About Me

Somewhere in West Alor

From a young age I was fascinated by the diversity of people and the many ways in which they view the world, and how they express those views through different languages. A childhood ambition was to meet every single person in the world! I was privileged enough to learn Indonesian from 5th grade to year 10. I then studied Italian for two years before returning to Indonesian at university.

After completing a Bachelor of Asian Studies, including a year studying at an Indonesian university, I spent a long time living and working with the Keo, Klon and Kafoa communities on the islands of Flores and Alor in eastern Indonesia. I wrote grammars and trilingual story books and produced DVDs for the communities on their previously unwritten, undocumented and endangered languages. My PhD dissertation was a grammar of Keo, while the grammars of Klon and Kafoa were written from materials collected from fieldwork whilst employed as a researcher at Leiden University in The Netherlands.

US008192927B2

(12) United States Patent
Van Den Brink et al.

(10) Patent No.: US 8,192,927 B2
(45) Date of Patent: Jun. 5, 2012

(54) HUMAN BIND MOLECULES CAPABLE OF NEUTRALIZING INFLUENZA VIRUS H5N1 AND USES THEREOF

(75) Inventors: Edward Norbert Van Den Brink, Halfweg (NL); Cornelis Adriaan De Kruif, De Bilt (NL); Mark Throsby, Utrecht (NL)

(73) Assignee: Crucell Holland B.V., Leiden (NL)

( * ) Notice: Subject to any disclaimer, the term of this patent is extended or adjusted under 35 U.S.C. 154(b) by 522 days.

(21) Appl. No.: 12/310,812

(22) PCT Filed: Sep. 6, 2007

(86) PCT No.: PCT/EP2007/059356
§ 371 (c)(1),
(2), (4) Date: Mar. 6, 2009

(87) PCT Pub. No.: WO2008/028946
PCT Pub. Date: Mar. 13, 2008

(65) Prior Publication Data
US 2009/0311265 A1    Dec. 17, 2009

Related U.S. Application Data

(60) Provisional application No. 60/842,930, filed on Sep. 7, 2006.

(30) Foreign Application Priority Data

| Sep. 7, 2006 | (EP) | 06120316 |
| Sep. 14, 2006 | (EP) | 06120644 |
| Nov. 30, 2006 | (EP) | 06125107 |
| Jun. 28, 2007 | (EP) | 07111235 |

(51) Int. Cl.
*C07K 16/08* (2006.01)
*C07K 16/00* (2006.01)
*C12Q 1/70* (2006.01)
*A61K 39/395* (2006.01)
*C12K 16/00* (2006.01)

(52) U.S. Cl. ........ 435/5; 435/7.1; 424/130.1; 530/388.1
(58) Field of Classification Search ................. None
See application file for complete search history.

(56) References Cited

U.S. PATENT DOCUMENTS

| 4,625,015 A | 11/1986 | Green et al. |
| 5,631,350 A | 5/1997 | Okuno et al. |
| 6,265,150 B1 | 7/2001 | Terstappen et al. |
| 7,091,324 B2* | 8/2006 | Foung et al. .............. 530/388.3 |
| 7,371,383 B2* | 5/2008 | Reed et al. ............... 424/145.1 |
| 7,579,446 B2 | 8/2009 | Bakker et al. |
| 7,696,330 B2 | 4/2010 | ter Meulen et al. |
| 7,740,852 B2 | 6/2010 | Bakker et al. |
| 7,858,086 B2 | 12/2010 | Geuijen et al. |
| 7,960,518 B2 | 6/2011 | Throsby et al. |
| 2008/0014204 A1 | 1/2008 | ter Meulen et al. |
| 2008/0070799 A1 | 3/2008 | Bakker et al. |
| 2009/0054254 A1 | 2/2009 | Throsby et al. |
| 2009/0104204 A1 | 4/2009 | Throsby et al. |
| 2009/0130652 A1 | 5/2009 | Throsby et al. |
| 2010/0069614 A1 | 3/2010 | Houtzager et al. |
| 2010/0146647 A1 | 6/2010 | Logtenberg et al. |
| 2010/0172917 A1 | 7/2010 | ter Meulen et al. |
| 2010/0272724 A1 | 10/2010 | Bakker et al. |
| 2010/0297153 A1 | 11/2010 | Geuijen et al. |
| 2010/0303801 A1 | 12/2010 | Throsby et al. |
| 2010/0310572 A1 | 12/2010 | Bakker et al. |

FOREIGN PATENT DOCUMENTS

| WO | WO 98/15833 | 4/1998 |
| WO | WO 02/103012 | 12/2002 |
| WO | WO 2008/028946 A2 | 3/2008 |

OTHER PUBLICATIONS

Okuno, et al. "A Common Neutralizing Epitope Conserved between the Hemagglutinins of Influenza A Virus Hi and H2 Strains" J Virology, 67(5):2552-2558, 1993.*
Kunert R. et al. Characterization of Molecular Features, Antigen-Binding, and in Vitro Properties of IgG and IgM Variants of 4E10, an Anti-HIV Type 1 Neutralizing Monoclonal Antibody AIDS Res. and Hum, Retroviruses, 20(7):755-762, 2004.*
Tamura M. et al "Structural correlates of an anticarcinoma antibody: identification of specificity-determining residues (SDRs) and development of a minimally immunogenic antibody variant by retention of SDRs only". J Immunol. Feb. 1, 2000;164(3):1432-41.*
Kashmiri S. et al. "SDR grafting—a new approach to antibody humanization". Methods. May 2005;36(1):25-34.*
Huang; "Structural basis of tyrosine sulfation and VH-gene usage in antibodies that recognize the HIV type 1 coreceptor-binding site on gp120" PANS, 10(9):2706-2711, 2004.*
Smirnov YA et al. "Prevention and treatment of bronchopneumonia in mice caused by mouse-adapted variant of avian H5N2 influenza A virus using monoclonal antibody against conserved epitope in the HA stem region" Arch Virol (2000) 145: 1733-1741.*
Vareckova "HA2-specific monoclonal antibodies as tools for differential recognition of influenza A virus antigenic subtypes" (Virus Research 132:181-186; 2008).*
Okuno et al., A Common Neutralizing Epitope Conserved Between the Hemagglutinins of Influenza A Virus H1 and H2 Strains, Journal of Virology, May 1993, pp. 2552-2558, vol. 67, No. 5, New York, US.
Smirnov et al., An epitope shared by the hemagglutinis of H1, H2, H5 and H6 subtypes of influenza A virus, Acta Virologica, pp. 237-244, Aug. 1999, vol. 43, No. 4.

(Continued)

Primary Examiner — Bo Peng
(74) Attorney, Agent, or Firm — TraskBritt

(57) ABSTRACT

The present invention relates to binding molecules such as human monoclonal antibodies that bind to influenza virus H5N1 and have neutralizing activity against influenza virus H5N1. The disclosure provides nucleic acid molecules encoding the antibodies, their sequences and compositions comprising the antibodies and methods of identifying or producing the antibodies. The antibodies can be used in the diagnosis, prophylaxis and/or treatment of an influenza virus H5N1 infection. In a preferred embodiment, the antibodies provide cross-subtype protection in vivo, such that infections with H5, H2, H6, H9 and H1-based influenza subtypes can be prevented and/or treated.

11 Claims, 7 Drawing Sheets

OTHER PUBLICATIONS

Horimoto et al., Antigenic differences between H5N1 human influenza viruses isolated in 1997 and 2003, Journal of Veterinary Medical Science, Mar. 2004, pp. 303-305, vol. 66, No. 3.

I have had experience teaching both English and Indonesian. I taught linguistics subjects at the University of Canberra from 2013 to 2017 and again online in 2020, and worked at the Centre of Excellence for the Dynamics of Language at The Australian National University from November 2014 to December 2020.

In 2019 I produced a sketch grammar of Ngunnawal based on historical materials and began working to support the Ngunnawal community in reclaiming and reviving their language. I’m passionate about bringing knowledge and experience from the sub-disciplines of descriptive linguistics and language teaching to support the Ngunnawal community in the ongoing rediscovery and learning of their language. 


Doctor of Philosophy in Linguistics, The Australian National University

Master of Arts in Teaching English to Speakers of Other Languages and Foreign Language Teaching, University of Canberra

Bachelor of Asian Studies (Year in Indonesia) (Honours 1), The Australian National University

Dhawura nguna dhawura Ngunnawal. I acknowledge I live and work on Ngunnawal country. I pay respect to the country, culture, language and people, especially the Ngunnawal Elders. I would also like to extend my respect to the Traditional Custodians of the lands on which you live, wherever you may be in the world.